For all modes – buses, rail, and autonomous vehicles – ubiquitous connectivity has become a prominent topic across transportation committees.
Meeting the expectations of both transportation operators and passengers requires stable and reliable connections, which is where aggregation and managed connectivity come into play.
Let’s delve into today’s challenges and tomorrow’s benefits of aggregation.
1. Today’s State of Expectations & Challenges
During the American Public Transportation Association (APTA) Mobility Conference in April 2023, I shed light on multi-network aggregation to meet the increasing operator demands and passenger expectations of reliable onboard connectivity. Connectivity is one of APTA’s Research and Technology subcommittee focus areas this year.
“Seamless operations and satisfied passengers start with a reliable onboard connection, which means overcoming connectivity limitations.”
The demand and consumption of data by both passengers and onboard systems have steadily increased, alongside the implementation of each new generation of wireless communications technologies and standards. This presents various challenges, given that these onboard systems compete for the same limited Internet bandwidth, and connectivity needs to be available for the entirety of a vehicle’s journey through rural and/or urban environments.
2. Setting a New Standard
A single Mobile Network Operator often struggles to provide sufficient onboard Internet coverage and capacity along the entire route, necessitating the establishment of a standard that ensures a new level of reliability.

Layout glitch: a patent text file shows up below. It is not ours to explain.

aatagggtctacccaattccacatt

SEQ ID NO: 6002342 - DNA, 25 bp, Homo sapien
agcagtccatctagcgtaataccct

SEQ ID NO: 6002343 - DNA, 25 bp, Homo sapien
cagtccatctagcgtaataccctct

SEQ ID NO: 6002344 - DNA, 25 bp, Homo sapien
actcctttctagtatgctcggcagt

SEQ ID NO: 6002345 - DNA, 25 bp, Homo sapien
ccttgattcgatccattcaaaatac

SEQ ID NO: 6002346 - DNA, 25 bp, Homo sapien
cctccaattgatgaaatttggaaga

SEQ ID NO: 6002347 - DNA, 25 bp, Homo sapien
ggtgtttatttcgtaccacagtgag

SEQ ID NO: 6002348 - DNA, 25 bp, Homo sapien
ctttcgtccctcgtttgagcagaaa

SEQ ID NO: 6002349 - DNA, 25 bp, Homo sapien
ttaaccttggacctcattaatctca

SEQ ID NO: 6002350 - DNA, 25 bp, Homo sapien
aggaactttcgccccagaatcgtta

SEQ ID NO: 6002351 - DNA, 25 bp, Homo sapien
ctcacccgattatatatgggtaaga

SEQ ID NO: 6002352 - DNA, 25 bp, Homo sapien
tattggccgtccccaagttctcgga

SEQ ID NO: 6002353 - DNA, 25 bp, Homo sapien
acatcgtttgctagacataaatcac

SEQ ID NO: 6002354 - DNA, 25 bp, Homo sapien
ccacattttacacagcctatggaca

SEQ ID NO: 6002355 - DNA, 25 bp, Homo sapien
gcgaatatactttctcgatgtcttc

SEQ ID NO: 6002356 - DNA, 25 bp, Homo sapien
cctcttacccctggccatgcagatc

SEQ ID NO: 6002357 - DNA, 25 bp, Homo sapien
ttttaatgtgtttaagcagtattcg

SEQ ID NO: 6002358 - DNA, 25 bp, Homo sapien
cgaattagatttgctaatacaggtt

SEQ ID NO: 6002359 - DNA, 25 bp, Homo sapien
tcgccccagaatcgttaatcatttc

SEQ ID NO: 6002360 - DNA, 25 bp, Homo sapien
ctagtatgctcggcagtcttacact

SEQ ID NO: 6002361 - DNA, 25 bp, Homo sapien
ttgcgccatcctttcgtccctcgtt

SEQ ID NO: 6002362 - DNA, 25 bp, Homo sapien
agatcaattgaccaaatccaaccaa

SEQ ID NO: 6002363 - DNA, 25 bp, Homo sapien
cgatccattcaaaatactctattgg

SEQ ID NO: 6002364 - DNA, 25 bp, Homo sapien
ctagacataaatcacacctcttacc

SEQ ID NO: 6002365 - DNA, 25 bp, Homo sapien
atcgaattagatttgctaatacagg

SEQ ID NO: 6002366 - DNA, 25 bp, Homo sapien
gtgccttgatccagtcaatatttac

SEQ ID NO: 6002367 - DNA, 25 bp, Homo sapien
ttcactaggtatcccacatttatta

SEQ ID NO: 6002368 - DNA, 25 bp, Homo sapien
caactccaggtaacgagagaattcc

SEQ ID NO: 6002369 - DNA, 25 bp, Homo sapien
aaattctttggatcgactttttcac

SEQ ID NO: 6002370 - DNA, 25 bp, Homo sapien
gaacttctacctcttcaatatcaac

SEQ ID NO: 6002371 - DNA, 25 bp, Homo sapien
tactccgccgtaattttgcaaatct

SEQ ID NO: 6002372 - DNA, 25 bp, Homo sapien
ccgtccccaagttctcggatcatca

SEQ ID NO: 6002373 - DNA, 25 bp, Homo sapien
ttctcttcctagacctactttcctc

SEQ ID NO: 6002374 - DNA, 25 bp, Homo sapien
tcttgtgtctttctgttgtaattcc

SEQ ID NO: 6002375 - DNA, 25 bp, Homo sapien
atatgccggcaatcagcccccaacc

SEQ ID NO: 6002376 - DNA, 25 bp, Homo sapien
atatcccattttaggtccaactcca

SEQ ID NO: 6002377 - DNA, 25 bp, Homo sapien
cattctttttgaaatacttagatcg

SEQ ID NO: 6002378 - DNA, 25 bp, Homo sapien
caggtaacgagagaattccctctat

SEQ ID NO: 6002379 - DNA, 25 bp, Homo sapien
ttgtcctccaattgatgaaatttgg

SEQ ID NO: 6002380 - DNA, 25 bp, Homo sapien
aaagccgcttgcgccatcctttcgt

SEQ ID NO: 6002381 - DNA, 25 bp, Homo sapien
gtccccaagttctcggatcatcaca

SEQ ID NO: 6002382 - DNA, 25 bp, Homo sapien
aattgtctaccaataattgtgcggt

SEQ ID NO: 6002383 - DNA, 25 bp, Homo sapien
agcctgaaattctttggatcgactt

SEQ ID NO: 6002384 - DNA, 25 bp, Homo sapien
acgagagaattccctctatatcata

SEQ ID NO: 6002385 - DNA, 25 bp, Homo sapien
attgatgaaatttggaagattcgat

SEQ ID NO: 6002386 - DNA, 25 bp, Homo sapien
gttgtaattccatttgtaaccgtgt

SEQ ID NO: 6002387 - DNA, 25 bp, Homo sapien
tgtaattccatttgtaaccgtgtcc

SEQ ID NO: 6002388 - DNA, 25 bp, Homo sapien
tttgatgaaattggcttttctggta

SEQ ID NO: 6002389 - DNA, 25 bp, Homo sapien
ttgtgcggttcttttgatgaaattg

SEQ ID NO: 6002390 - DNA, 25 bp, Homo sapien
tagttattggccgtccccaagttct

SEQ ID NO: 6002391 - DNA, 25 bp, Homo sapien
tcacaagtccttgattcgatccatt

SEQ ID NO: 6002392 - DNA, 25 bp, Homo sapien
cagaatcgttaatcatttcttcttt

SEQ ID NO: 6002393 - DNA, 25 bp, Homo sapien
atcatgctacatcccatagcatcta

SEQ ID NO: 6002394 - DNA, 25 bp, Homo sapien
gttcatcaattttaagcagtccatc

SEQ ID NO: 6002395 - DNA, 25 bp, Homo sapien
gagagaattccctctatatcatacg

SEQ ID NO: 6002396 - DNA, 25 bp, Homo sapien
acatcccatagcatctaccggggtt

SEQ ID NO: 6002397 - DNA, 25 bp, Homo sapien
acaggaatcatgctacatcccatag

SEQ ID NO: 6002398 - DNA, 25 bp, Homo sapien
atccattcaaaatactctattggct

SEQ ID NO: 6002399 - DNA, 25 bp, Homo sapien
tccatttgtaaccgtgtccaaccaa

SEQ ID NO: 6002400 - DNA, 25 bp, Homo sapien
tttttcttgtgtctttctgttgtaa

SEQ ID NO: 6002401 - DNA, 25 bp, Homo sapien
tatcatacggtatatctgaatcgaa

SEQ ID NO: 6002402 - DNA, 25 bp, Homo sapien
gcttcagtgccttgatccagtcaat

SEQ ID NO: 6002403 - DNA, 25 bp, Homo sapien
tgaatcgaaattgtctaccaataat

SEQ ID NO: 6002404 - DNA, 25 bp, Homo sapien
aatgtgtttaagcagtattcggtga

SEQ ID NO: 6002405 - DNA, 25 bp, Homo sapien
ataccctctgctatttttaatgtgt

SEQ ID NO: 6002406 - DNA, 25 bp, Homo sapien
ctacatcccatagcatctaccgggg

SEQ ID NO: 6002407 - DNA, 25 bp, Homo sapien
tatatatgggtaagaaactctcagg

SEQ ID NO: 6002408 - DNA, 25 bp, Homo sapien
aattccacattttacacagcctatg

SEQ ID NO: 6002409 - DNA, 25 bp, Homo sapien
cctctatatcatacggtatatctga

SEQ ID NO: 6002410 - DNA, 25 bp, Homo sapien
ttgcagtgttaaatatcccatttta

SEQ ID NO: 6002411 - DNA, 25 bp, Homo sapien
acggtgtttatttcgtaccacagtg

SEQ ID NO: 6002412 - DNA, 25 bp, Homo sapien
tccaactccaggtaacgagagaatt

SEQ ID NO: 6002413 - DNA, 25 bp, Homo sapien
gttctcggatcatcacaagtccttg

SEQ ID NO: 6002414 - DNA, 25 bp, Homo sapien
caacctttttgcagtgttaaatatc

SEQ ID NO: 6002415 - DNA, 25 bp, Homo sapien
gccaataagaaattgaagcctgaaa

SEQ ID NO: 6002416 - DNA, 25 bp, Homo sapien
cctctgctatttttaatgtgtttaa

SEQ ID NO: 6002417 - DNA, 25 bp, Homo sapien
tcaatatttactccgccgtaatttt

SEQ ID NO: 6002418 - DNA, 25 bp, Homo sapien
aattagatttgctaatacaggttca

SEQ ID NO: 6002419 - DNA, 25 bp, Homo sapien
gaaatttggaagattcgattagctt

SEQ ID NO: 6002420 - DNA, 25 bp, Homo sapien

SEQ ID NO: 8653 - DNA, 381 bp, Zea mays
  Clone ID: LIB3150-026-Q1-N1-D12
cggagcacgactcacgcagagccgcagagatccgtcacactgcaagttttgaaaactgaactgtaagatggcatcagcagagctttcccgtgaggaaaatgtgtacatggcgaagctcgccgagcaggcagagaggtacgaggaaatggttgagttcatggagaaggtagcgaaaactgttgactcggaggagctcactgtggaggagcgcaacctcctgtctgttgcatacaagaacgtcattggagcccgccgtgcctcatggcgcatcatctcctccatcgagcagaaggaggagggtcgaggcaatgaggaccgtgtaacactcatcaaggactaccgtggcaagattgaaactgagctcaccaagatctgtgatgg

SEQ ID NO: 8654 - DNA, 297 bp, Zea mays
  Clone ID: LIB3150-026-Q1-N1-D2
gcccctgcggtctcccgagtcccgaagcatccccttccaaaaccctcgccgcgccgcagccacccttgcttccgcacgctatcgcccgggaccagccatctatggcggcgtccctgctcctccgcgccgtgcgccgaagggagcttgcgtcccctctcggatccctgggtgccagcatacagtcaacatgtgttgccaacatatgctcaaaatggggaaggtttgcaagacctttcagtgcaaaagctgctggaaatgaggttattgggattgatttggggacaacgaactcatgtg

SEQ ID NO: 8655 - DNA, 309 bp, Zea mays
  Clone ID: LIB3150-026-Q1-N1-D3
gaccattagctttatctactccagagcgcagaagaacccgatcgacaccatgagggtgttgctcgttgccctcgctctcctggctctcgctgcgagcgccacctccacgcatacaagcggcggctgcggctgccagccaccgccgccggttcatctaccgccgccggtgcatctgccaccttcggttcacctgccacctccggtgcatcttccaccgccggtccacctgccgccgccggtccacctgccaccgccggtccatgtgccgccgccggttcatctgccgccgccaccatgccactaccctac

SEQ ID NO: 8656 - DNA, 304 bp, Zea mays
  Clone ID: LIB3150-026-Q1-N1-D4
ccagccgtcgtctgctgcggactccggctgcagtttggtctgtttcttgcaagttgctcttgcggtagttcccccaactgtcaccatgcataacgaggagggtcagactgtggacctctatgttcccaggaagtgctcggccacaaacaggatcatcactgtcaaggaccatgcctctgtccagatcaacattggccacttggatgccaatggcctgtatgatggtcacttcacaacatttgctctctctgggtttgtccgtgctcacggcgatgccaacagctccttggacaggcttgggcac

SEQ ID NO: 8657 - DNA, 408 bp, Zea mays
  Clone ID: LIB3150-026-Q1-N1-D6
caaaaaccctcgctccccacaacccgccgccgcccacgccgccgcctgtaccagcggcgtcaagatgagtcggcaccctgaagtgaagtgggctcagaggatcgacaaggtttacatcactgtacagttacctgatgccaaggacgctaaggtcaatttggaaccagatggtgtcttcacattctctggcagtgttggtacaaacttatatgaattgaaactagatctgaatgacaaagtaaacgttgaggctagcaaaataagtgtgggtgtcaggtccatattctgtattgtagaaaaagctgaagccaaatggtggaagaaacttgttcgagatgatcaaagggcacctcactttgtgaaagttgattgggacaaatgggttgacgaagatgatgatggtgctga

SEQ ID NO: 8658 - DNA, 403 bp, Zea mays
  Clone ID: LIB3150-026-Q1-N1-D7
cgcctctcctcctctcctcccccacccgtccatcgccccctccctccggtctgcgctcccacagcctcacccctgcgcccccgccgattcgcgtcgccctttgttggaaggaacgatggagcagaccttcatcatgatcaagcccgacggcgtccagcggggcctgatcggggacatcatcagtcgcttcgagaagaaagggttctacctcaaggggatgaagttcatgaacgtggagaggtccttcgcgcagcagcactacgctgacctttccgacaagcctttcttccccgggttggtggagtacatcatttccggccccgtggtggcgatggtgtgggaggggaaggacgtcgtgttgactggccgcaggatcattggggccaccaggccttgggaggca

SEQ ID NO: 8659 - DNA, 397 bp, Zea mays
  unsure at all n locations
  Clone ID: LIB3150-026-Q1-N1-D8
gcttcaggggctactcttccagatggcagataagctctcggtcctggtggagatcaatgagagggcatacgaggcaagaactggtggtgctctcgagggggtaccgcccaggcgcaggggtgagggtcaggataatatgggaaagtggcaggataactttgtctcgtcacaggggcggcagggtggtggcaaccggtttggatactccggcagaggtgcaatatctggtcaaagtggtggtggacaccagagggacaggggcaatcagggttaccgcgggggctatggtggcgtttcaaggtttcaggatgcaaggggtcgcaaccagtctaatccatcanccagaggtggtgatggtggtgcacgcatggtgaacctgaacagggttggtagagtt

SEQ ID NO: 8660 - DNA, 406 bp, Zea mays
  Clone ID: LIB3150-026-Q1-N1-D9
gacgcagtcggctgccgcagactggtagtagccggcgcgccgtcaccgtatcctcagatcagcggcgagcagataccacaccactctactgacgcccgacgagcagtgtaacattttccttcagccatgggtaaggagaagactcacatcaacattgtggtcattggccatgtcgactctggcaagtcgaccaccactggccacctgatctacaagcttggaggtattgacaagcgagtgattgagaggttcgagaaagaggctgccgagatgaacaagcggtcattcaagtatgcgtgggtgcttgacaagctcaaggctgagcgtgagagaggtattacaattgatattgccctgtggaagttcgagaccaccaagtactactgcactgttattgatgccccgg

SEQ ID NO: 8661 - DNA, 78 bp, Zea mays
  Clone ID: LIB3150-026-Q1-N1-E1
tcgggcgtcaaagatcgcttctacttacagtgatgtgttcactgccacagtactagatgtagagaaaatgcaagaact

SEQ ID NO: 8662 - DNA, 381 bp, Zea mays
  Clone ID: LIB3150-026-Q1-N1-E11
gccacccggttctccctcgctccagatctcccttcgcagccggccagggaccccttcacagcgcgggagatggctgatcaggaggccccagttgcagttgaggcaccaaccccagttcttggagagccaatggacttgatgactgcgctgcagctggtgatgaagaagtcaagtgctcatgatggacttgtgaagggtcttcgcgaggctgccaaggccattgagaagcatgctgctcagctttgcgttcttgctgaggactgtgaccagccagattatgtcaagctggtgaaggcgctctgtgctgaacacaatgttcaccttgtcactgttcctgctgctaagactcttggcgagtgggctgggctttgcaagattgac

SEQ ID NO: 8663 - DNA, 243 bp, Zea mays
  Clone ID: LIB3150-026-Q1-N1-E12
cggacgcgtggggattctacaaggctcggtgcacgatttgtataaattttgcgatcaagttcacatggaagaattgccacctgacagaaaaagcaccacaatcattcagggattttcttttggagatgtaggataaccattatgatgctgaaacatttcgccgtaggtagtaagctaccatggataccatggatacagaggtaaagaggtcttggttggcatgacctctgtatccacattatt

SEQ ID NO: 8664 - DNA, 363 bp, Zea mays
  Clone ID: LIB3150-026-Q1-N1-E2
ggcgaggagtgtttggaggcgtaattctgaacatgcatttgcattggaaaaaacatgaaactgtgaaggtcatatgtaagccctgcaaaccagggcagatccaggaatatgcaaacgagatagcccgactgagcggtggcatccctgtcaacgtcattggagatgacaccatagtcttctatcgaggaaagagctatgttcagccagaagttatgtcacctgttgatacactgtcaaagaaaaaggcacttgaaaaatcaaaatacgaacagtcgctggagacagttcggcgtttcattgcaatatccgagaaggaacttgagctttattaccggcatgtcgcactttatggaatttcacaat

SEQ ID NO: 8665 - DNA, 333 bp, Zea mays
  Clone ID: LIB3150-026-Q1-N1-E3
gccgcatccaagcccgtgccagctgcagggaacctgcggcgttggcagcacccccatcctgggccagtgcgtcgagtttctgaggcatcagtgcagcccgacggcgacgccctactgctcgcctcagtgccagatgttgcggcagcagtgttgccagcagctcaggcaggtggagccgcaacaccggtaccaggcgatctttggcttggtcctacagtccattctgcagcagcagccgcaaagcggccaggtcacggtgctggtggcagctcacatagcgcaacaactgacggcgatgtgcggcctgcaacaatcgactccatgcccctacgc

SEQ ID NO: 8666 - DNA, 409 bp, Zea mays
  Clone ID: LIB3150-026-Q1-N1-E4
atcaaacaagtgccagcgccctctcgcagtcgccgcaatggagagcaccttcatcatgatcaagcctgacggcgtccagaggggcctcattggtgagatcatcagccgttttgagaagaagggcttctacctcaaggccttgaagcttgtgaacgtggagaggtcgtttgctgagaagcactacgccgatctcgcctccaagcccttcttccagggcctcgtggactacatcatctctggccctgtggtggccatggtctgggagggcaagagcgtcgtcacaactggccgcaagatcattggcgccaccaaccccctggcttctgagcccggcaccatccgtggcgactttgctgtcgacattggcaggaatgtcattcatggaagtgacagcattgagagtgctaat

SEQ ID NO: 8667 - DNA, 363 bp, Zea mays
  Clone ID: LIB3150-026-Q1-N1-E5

This standard can be achieved through the intelligent aggregation of multiple communication technologies, such as cellular, Wi-Fi, satellite, private networks, and mmWave.
“By enabling the aggregation of a multitude of communication technologies, the most reliable connectivity to moving vehicles can be provided.”
3. An Intelligent Approach
An intelligent aggregated approach provides an opportunity to significantly enhance onboard connectivity reliability meeting the growing mobile data demands without compromising vital onboard system needs.
Here’s how it works:
As a train progresses along its track, it encounters 5G, LTE, and optionally, trackside masts. SureWAN™, an intelligent aggregation protocol, harnesses all available capacities to deliver the fastest and most reliable connection possible.
Recent trials, such as “Measuring and Modeling Aggregate LTE Connection Reliability,” have demonstrated that aggregating both LTE and 5G connections can provide peak capacities to vehicles exceeding 1 gigabit per second with minimal latency. For passengers, this translates into snappier internet browsing, smooth VOIP calls, and seamless video conferencing experiences.
“Transportation operators should feel empowered to go beyond conventional approaches and embrace an integrated approach to connectivity.”
4. Tomorrow’s Benefits
Extensive data collected from trials involving train-mounted cellular routers demonstrated that benefits of intelligent aggregation are within reach, including:
- Greater Reliability: When aggregation is utilized over the best single link, connection reliability reaches an impressive 99.994%, ensuring passengers can enjoy consistent connectivity throughout their journey.
- Expanded Coverage: Compared to relying on a single-operator cellular network, aggregating multiple networks allows for expanded coverage, eliminating connectivity gaps and dead zones.
- Multiple Concurrent Data Links: Aggregation enables the retention of multiple data links simultaneously, maximizing data capacity and ensuring optimal performance even in high-demand scenarios.
- Minimal Data Packet Delay: Switching between individual networks can introduce delays in data packet transmission. Aggregation mitigates this issue by minimizing switching delays, resulting in smoother and more seamless data transfer.
“Aggregation proves to be a game-changer in enhancing reliability by leveraging existing commercial infrastructure, thereby reducing the need for dedicated infrastructure and hardware.”